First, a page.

There was, in addition, a more personal reason.
Apple had invested in Adobe in 1985, and together the two companies had launched the desktop publishing revolution.
"I helped put Adobe on the map," Jobs claimed.
In 1999, after he returned to Apple,
he had asked Adobe to start making its video editing software and other products for the iMac and its new operating system, but Adobe refused.
It focused on making its products for Windows. Soon after, its founder, John Warnock, retired.
"The soul of Adobe disappeared when Warnock left," Jobs said.
"He was the inventor, the person I related to. It's been a bunch of suits since then, and the company has turned out crap."
When Adobe evangelists and various Flash supporters in the blogosphere attacked Jobs for being too controlling,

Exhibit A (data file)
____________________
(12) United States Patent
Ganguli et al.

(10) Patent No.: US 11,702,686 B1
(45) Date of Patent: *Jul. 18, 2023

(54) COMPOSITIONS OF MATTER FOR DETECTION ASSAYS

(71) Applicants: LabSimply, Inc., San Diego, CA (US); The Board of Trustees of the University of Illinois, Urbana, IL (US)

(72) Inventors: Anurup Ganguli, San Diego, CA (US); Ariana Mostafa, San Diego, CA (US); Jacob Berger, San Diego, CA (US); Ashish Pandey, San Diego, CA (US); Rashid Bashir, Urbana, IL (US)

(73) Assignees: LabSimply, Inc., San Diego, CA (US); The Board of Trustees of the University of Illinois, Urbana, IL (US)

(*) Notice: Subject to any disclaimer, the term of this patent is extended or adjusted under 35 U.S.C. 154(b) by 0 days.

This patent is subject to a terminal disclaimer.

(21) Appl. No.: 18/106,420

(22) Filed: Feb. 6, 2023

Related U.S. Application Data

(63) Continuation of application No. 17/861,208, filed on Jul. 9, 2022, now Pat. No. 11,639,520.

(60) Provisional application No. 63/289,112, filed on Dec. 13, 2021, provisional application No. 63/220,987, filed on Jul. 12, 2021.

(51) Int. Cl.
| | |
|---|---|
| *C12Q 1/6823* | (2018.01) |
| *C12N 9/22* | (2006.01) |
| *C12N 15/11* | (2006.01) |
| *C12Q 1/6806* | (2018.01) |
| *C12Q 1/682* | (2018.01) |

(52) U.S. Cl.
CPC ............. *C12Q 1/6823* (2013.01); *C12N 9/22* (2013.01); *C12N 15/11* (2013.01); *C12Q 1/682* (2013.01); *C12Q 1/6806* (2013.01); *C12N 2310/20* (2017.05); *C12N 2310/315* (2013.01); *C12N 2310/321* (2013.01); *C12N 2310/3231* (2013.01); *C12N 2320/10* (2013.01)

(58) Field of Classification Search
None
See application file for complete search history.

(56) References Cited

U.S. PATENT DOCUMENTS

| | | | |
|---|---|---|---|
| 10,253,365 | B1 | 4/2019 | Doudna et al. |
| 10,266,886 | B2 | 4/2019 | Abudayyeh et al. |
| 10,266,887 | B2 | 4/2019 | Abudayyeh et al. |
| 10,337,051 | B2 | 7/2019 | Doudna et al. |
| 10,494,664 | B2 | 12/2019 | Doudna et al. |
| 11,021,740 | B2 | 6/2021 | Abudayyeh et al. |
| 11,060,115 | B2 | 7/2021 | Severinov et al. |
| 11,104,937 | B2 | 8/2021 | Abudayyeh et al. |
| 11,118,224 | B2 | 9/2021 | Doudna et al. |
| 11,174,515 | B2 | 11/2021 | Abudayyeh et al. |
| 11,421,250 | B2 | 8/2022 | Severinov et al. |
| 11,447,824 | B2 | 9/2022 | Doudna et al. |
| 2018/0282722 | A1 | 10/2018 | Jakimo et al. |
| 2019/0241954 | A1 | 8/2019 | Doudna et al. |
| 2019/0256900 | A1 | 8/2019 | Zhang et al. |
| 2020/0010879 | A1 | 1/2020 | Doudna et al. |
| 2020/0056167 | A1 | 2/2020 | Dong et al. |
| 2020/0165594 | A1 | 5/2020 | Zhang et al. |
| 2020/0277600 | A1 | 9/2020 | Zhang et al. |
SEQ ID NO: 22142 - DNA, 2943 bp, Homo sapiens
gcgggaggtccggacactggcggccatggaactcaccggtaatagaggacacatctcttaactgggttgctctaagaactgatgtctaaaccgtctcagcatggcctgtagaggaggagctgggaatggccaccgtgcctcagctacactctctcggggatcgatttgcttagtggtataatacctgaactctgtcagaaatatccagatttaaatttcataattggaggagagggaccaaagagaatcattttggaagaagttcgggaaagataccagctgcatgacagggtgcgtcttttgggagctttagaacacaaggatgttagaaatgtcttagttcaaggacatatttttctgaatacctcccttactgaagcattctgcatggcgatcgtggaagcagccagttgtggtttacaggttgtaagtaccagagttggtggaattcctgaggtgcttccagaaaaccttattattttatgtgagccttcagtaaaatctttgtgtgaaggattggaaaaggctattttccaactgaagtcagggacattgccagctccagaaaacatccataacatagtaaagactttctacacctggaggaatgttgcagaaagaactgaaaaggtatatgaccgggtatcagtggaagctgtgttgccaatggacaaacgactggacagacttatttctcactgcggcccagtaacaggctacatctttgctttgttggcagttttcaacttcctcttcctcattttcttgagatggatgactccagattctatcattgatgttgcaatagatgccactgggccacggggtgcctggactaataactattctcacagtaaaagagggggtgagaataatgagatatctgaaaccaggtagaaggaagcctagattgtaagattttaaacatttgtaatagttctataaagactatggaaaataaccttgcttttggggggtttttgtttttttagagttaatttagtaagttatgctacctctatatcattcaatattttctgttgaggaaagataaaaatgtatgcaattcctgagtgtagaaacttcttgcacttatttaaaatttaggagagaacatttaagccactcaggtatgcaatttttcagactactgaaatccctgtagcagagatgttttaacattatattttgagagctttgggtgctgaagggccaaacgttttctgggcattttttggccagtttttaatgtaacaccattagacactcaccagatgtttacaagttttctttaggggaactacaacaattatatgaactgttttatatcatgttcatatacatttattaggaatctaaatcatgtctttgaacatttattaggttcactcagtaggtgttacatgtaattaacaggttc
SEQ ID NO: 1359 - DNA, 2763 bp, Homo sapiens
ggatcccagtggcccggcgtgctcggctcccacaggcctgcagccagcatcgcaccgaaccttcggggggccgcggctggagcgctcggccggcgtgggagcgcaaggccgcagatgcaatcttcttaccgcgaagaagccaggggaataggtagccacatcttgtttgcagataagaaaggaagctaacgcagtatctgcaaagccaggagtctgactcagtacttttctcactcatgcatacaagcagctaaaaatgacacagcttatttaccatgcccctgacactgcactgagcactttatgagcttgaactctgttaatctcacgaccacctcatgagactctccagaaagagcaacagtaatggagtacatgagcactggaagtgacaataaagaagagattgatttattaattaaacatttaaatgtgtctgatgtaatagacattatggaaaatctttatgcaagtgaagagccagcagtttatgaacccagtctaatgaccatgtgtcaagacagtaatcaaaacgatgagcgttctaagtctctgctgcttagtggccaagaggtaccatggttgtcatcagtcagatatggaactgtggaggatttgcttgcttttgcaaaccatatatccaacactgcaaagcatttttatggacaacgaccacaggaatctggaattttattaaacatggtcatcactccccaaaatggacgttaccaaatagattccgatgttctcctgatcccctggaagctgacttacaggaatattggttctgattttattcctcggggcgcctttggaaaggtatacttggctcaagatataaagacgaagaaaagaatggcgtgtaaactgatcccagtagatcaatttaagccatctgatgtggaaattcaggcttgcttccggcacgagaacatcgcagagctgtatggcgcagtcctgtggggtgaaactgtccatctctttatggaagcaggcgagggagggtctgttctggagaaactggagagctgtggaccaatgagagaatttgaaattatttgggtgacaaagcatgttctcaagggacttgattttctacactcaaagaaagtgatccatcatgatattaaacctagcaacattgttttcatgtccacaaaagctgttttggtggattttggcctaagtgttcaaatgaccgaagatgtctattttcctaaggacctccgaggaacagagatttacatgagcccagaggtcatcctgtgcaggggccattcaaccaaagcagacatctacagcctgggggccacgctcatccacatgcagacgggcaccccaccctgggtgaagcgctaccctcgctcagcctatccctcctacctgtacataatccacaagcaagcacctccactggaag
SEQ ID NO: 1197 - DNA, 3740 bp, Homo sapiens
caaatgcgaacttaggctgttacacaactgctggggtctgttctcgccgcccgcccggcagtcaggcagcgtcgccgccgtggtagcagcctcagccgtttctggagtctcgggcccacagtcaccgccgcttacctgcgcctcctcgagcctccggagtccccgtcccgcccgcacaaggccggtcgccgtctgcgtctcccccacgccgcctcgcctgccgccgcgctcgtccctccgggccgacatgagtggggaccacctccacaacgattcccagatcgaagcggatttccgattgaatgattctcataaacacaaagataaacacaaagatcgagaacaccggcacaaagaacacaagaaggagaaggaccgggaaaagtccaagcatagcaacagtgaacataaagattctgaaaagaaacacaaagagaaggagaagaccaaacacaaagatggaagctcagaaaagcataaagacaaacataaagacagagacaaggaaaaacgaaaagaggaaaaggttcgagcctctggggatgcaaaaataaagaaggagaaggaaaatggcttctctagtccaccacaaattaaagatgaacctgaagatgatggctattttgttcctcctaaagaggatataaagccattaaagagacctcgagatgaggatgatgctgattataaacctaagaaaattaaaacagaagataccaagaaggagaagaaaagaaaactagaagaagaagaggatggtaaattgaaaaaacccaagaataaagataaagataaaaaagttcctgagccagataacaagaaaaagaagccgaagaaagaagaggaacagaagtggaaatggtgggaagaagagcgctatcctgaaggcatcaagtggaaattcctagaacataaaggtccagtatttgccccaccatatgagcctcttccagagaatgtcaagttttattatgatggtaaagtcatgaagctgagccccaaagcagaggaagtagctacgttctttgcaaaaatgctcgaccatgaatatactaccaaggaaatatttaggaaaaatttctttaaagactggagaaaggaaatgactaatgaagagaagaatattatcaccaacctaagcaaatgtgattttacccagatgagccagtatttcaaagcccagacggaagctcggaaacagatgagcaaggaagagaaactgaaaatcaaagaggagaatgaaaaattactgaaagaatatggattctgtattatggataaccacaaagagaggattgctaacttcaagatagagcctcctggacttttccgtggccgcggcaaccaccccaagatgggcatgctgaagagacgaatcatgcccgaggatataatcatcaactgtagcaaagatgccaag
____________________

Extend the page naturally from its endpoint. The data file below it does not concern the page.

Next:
he decided to write and post an open letter.
Bill Campbell, his friend and board member, came by his house to go over it.
"Does it sound like I'm just trying to stick it to Adobe?" he asked Campbell.
"No, it's facts, just put it out there," the coach said.
Most of the letter focused on the technical drawbacks of Flash.
But despite Campbell's coaching, Jobs couldn't resist venting at the end about the problematic history between the two companies.
"Adobe was the last major third party developer to fully adopt Mac OS X," he noted.
他指出：“Adobe是最后一家完整采纳Mac OS X标准的大型第三方软件开发商。”
Apple ended up lifting some of its restrictions on cross-platform compilers later in the year,
and Adobe was able to come out with a Flash authoring tool that took advantage of the key features of Apple's iOS.
It was a bitter war, but one in which Jobs had the better argument.
In the end it pushed Adobe and other developers of compilers to make better use of the iPhone and iPad interface and its special features.